The Relativity Question can be regarded as a continuation of the story begun in Herbert Dingle's dissident classic, Science at the Crossroads (1972). It may be "the only reasonably comprehensive account of Professor Dingle's crusade against special relativity, by anyone other than himself. Even then, much of the story is told in Professor Dingle's own words, in the form of letters written by him to various people, copies of which he sent to [the author] in hopes that they would eventually be published. There are also some letters written by [or with] a collaborator, Mr. Mark Haymon... Replies to many of these letters are also included, and most of the correspondence is presented without detailed comment from [the author]. If the presentation of the correspondence seems somewhat one-sided, part of the reason is that some of those to whom letters were written... did not reply, and some of those who did reply would not give permission to publish their letters." - From the Preface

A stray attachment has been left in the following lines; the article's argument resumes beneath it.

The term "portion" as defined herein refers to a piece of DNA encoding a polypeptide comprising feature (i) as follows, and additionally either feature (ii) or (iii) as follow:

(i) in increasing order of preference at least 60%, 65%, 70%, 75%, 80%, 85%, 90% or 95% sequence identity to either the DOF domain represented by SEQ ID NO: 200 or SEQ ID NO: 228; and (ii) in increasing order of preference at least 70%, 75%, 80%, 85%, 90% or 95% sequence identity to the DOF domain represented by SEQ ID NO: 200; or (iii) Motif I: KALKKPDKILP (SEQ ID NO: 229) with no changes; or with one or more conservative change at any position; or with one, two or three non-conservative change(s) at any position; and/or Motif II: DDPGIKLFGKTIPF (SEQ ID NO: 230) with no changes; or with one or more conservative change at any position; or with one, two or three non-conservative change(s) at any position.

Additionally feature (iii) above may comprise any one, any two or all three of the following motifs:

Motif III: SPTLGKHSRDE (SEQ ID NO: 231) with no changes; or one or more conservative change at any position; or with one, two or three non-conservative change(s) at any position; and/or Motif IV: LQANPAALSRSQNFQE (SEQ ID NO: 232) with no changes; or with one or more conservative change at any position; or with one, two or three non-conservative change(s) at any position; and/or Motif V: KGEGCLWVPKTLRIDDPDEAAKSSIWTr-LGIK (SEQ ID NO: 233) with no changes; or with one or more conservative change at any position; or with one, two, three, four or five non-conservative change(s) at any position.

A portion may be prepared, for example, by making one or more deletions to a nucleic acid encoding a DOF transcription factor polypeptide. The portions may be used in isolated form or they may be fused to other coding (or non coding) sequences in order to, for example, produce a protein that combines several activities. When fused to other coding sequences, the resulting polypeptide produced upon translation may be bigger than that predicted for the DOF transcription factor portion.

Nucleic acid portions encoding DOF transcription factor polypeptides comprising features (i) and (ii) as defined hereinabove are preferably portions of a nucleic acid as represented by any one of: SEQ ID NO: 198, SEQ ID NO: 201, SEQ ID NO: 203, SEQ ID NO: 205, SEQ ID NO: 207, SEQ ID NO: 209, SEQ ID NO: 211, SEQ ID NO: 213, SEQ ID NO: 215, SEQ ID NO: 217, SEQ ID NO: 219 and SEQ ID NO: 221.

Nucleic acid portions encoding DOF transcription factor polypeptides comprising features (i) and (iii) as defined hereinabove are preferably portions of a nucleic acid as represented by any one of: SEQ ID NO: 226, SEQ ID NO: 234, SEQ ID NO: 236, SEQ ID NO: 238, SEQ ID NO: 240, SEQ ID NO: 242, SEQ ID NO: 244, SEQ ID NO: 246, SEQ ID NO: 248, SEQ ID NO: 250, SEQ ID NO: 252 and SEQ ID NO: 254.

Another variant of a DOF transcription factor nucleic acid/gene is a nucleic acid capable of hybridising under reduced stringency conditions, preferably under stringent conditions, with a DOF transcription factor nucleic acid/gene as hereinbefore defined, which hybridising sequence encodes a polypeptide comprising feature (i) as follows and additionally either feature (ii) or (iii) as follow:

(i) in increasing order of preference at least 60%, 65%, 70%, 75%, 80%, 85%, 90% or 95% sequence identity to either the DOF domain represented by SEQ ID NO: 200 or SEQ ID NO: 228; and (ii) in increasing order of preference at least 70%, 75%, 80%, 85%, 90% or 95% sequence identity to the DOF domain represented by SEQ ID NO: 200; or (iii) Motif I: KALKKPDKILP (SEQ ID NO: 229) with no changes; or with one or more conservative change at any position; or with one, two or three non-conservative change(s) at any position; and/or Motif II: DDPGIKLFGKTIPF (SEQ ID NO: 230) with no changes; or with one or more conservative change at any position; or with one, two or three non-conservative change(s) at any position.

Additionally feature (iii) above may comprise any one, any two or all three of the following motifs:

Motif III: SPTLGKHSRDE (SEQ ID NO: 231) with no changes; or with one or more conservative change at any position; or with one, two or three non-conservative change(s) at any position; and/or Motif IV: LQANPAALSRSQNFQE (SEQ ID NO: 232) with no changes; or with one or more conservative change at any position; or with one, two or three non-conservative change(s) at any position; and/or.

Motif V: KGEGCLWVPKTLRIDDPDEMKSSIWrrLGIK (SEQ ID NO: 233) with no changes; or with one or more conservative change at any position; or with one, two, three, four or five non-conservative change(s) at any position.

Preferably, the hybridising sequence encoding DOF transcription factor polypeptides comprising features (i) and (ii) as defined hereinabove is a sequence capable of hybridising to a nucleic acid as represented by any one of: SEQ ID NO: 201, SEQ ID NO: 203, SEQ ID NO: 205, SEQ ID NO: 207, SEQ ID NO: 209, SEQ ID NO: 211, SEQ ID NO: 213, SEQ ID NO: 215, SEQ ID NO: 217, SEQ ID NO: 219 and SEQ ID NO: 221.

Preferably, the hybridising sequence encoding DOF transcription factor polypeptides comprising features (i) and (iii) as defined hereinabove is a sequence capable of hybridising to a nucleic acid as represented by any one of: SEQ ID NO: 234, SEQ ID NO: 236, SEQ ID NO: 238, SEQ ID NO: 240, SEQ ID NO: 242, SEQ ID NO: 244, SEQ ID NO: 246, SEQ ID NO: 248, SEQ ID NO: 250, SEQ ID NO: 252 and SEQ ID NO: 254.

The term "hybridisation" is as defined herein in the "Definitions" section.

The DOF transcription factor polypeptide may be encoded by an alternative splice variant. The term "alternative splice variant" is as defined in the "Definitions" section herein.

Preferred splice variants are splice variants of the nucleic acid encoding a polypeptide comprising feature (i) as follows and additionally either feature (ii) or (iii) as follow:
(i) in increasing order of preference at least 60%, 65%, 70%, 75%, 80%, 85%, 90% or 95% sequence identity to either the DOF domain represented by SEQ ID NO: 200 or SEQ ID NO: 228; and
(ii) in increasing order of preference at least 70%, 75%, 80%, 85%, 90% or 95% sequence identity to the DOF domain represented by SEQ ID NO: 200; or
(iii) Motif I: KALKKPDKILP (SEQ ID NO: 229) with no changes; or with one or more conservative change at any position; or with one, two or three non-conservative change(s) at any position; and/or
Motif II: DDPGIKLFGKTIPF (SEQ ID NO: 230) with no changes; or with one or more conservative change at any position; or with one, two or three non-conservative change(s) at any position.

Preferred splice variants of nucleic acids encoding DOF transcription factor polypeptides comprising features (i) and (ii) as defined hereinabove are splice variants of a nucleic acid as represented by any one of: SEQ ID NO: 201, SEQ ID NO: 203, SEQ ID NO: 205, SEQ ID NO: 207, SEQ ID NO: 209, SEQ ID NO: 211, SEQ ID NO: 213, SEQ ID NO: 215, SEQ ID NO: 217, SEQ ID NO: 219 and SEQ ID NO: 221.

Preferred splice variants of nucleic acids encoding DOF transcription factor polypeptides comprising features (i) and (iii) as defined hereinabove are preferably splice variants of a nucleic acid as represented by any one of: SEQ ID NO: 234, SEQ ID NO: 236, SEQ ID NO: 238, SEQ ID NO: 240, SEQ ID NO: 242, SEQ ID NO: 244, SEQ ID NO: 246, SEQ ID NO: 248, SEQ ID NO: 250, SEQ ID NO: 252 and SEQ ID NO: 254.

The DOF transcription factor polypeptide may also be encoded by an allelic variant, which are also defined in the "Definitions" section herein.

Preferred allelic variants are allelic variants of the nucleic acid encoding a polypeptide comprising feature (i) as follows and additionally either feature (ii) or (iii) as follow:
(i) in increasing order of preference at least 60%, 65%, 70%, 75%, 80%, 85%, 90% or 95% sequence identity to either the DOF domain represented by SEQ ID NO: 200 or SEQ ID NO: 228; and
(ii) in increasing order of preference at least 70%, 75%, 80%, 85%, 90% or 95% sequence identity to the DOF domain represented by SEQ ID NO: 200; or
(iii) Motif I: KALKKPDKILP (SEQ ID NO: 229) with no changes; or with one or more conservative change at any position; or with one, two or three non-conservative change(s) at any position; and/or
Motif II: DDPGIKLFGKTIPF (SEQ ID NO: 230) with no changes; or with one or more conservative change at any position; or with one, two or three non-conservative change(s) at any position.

In addition to the correspondence, Dr. McCausland also presents criticisms of the theory of relativity itself. He details logical flaws in the arguments of Dingle's adversaries that can be understood by scientists and non-scientists alike. From their own words we can witness their case falter and ultimately fail.